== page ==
The Galactic Center Series, Gregory Benford

Various, 1978-1995, ???? pages, C$??.?? mmpb, ISBN Various

In the Ocean of Night: Quantum, 1978, 295 pages
Across the Sea of Suns: Bantam, 1984, 352 pages
Great Sky River
: Bantam, 1987, 340 pages
Tides of Light
: Bantam, 1989, 362 pages
Furious Gulf
: Bantam, 1994, 341 pages
Sailing Bright Eternity
: Bantam, 1995, 445 pages

Faced with the prospect of a six-book SF series, any sane reader can reasonably ask whether the results will be worth the required time and money. After all, it’s not as if one frequently hear complaints about books that are too short or stories that are too exciting.

More serious doubts are raised while considering that the Galactic Center series was written between 1978 and 1995, a period during which SF changed considerably and readers’ expectation adjusted accordingly. Even worse, Gregory Benford never enjoyed a reputation as a very accessible author, with his graduate-level literary style presenting postgraduate physics. Would the series suffer from disillusions of literary grandeur, outdated SF assumptions, difficult science or terminal boredom? To put it succinctly, it the Galactic Center series worth it?

This reviewer, donning his “Consumer Report” costume, doesn’t think so, but doesn’t expect readers to be satisfied with such an curt answer. Let’s examine the series and find out what makes it tick incorrectly.

In the Ocean of Night is a fix-up novel of stories published during the seventies. It opens with one of the most commonplace scenarios in turn-of-century SF; astronauts deflecting an asteroid headed for Earth. Things get less conventional after the asteroid ultimately reveals to be of artificial origin. In the Ocean of Night quickly becomes a prime example of what everyone will recognize as “seventies SF”, filled with ecological hysteria, marriage-à-trois, undigested literary devices and half-hearted attempts to combine mysticism with hard science. As a basic read, it has lost considerable interest and almost all of its freshness. There are good bits here and there, mostly in the protagonist’s communication with the unknown, but otherwise it’s not a novel that will set your mind of fire. Oh, and there’s a sasquatch in there. Not that he ever reappears later in the series.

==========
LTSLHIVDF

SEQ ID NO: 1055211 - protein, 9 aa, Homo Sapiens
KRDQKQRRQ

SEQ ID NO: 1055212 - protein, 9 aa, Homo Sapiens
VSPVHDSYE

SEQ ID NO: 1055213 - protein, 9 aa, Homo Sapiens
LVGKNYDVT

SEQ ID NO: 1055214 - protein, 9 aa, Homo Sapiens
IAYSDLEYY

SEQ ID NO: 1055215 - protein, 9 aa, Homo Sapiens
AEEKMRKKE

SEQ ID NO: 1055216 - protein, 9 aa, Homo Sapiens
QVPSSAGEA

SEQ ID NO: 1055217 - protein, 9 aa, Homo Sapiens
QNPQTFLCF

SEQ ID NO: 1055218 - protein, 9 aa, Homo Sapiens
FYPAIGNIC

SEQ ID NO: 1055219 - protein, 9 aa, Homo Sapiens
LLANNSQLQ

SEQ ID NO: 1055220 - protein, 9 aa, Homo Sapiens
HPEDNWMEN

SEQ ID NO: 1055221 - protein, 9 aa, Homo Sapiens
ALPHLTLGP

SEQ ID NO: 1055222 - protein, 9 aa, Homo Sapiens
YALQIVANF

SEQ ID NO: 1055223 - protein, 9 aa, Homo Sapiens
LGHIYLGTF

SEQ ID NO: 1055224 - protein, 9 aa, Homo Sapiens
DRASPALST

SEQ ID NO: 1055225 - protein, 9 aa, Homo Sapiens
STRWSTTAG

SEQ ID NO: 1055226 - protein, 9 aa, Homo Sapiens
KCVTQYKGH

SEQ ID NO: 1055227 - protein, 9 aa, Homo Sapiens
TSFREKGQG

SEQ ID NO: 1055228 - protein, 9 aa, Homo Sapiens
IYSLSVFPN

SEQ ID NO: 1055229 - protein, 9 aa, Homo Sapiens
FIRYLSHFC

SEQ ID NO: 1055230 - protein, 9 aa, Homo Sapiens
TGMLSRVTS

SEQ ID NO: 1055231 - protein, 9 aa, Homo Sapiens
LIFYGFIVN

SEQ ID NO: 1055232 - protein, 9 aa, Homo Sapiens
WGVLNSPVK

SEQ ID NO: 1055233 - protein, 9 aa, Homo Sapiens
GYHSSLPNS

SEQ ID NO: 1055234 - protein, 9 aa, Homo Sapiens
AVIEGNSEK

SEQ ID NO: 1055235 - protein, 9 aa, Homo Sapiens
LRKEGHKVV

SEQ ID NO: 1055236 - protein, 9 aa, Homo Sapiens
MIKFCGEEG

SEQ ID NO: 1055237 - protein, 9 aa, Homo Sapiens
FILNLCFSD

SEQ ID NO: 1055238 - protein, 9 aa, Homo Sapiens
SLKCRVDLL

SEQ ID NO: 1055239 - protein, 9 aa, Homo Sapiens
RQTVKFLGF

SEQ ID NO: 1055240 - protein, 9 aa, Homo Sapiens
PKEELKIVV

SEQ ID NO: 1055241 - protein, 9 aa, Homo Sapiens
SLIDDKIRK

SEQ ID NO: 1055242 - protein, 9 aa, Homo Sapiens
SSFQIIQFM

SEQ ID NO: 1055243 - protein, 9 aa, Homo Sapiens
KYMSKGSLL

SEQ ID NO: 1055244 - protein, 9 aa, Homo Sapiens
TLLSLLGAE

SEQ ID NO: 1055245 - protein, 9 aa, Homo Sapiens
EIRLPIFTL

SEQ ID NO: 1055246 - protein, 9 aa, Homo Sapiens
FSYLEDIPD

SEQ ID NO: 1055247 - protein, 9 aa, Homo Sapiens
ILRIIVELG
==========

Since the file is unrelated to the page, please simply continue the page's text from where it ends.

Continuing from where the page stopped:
Across the Sea of Sun is a direct sequel to In the Ocean of Night, starring the same protagonist -Nigel Wamsley- in events happening shortly after the first novel. Even though some threads are comfortably forgotten (G’Bye, possessed Alexandria), there isn’t much of a transition between the first and second volumes. Across the Sea of Sun is simultaneously more entertaining and more annoying than its predecessor, an unfortunate mixture of unwieldy literary devices used too freely, and a few late-minute twists that really kick the story in high gear. It’s supposed to be a rather good hard-SFish tale of space exploration, but there is a lot of fat in these 352 pages and readers will have to be patient in order to get to the entertaining epilogue. The shape of the series’ theme is gradually revealed. Again, Benford shows signs of staying stuck in the seventies when his protagonist gets enmeshed in yet another marriage-à-trois, though this one ends up featuring a transsexual instead of a possessed automaton. Hey, whatever gets you off, Nigel.

The third volume, Great Sky River, is a major, major let down. It happens sometime, someplace with people who speak a barely understandable dialect of English. These people are nomads, forced to flee and fight against marauding robots in a world dominated by mechs. We’ve all seen MAD MAX (or TERMINATOR 2, or…) and the initial setup is familiar, if intensely boring. The storyline follows the usual post-apocalyptic template, with the expected inconsistent enemies and hoards of hidden techno-goodies. This should have been a zippy tome, but it gets bogged down in useless trivia once again. Furthermore, only attentive (or imaginative) readers will be able to connect any part of this novel with the previous two volumes of the series.